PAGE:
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Old Yesterday, 10:44 PM
Location: Mid-Atlantic
26,273 posts, read 25,015,738 times
Reputation: 32640


The only trees that have been blown over in a storm in my yard have been pines. When they fell, the roots of the surrounding trees were damaged. I'd get rid of them before anything else.

I once had to take down a dogwood because it was diseased. The same property had two 100+ year old maples that were in bad shape. I not only disliked killing them, but it was also very expensive.

You don't need to feed mature trees as long as you don't scrape every fallen leaf out of the yard. They do a good job of taking care of themselves.
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Old Today, 03:52 AM
Location: Swiftwater, PA
15,071 posts, read 12,260,607 times
Reputation: 11324
Originally Posted by sasie123 View Post
The trees that are near my house, 35 ft. from the house, are Pines. They look very healthy, since I feed them every year. Huge trunks, and wide-spread branches. Pines start at the bottom very robust, if they are taken care off, and rise above 70 ft. Toward the top, they are usually thinner.
If one would fall towards your house it would do considerable damage. You have to figure at 70' high those trees weigh many tons and can easily cause serious structural damage if they would hit the house. Its roots can get into a septic system, undermine and break asphalt ant concrete driveways, and damage a foundation or retaining walls (at that distance it will probably not damage the foundation). The tree's needles will clog your rain gutters and the sap will stick to your vehicles and it is hard to remove. Are your power lines close because they could be taken down in a storm by falling limbs.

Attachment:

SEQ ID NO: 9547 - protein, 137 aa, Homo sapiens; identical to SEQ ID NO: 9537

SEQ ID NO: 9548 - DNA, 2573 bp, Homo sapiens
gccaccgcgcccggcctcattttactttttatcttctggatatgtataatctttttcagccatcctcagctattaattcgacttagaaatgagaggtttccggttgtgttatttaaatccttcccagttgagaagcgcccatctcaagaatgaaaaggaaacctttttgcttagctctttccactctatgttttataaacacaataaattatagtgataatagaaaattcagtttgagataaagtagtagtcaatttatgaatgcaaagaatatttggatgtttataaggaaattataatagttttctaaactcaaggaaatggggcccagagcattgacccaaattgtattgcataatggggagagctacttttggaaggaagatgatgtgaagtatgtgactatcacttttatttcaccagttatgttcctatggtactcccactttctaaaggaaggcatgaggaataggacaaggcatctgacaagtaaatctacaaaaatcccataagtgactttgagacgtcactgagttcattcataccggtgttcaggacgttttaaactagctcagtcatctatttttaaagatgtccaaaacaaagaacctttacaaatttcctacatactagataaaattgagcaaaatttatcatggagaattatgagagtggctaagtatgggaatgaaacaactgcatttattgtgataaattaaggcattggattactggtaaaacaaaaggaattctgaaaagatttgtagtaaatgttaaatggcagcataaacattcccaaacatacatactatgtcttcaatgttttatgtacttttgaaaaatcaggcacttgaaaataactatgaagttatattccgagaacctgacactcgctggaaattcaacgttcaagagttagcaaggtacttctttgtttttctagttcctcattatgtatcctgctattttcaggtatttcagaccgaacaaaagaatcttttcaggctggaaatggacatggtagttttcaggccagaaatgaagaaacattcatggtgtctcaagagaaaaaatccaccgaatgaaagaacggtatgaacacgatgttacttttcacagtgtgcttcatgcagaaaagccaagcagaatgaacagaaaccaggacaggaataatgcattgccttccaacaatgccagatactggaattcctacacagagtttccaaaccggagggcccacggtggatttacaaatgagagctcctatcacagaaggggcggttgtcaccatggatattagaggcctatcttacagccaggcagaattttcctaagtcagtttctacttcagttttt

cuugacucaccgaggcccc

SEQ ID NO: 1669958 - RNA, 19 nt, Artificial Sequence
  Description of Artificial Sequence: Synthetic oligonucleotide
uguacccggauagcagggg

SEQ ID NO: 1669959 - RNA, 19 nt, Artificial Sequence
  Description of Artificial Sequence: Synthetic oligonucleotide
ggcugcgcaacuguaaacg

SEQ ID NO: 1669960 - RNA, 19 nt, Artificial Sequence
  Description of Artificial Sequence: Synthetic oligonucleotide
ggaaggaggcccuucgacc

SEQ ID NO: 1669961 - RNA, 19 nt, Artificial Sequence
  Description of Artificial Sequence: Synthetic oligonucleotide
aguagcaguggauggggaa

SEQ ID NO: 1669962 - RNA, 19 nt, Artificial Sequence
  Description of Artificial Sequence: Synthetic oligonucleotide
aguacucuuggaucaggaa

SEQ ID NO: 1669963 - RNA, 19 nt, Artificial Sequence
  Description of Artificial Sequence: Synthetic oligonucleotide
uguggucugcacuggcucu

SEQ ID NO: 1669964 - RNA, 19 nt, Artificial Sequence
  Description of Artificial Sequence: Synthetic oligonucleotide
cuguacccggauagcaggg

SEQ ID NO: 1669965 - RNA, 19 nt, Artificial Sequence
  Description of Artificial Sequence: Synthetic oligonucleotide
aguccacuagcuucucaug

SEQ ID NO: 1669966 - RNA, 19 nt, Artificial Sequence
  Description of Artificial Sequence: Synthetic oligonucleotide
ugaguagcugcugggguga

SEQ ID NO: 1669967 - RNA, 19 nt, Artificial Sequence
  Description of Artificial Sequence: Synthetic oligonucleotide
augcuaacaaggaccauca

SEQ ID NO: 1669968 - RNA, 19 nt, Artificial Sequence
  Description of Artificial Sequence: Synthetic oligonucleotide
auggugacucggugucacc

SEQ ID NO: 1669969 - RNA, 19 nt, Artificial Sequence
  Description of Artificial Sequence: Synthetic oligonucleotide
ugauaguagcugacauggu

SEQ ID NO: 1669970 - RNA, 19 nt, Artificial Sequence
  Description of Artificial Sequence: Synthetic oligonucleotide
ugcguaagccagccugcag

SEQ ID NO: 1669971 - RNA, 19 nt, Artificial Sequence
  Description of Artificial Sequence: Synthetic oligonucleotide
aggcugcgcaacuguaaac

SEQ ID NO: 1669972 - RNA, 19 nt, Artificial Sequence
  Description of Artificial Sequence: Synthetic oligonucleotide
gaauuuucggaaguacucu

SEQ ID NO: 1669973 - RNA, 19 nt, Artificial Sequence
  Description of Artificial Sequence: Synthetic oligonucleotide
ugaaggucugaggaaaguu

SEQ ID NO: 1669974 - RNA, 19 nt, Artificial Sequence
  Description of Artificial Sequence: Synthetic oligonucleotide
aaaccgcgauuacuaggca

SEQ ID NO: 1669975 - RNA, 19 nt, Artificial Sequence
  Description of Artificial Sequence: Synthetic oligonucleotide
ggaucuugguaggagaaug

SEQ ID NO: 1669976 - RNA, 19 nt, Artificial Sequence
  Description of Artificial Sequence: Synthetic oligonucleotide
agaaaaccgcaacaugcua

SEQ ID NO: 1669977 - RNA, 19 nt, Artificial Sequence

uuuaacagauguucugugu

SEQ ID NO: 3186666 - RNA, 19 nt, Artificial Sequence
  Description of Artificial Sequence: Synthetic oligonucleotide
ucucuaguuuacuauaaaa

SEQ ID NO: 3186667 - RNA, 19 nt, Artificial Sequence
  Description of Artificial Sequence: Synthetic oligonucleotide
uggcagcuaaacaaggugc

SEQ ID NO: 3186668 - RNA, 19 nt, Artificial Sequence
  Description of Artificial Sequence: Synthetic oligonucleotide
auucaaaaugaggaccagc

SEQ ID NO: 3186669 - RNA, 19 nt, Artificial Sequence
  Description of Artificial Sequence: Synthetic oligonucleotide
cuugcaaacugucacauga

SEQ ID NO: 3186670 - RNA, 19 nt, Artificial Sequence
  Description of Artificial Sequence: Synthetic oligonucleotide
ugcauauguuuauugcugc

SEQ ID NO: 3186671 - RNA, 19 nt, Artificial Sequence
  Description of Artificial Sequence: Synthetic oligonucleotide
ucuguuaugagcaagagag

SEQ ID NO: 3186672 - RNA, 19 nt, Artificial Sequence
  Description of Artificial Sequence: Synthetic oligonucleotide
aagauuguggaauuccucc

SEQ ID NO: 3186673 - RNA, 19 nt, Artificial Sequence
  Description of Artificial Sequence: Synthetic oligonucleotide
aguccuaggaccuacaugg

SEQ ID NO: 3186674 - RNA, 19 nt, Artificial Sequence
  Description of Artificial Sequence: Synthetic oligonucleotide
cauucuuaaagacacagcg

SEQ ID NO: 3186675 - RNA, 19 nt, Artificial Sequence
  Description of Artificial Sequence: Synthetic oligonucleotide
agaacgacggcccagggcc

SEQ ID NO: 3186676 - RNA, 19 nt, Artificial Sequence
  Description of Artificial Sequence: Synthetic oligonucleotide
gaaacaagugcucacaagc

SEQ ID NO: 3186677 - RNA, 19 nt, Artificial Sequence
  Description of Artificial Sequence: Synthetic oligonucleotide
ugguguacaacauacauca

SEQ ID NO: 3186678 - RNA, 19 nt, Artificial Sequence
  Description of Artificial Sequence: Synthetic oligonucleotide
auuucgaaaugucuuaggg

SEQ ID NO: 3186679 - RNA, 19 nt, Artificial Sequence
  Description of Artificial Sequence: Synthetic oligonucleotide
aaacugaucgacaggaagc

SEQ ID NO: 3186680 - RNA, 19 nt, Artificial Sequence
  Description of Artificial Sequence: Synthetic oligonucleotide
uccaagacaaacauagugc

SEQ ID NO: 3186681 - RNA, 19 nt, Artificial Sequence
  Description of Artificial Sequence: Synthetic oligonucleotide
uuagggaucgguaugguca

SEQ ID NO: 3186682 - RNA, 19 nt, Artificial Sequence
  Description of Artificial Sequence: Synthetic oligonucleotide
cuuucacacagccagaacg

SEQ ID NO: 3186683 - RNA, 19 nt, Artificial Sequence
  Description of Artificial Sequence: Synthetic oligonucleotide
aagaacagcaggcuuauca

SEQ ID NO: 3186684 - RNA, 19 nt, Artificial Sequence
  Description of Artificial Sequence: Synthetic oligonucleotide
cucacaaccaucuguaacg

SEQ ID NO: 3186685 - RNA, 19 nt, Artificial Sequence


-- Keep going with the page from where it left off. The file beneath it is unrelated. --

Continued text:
The cost of removing those trees will go up; the process is labor intensive and requires specialist that are insured for the safe removal. It would not hurt to get some bids to find out how expensive. at least you would know and might be able to plan better.

Sometimes trees have large limbs that can pull the tree towards or away from objects, like your house. Sometimes trees do not grow straight and can lean towards or away from your house. This offset weight can also be a reason to have trees removed if they increase the odds of the tree falling in the wrong direction. One other possibility is to have just large limbs removed that offset that weight towards your house; of course that process can also be expensive.

I was fortunate enough to have the equipment, open property, and the skill to take most of my trees down myself. I would also highly recommend getting the stumps ground at the same time. That way you can consider replanting other trees that will not grow to the same height or you could just mow the area.
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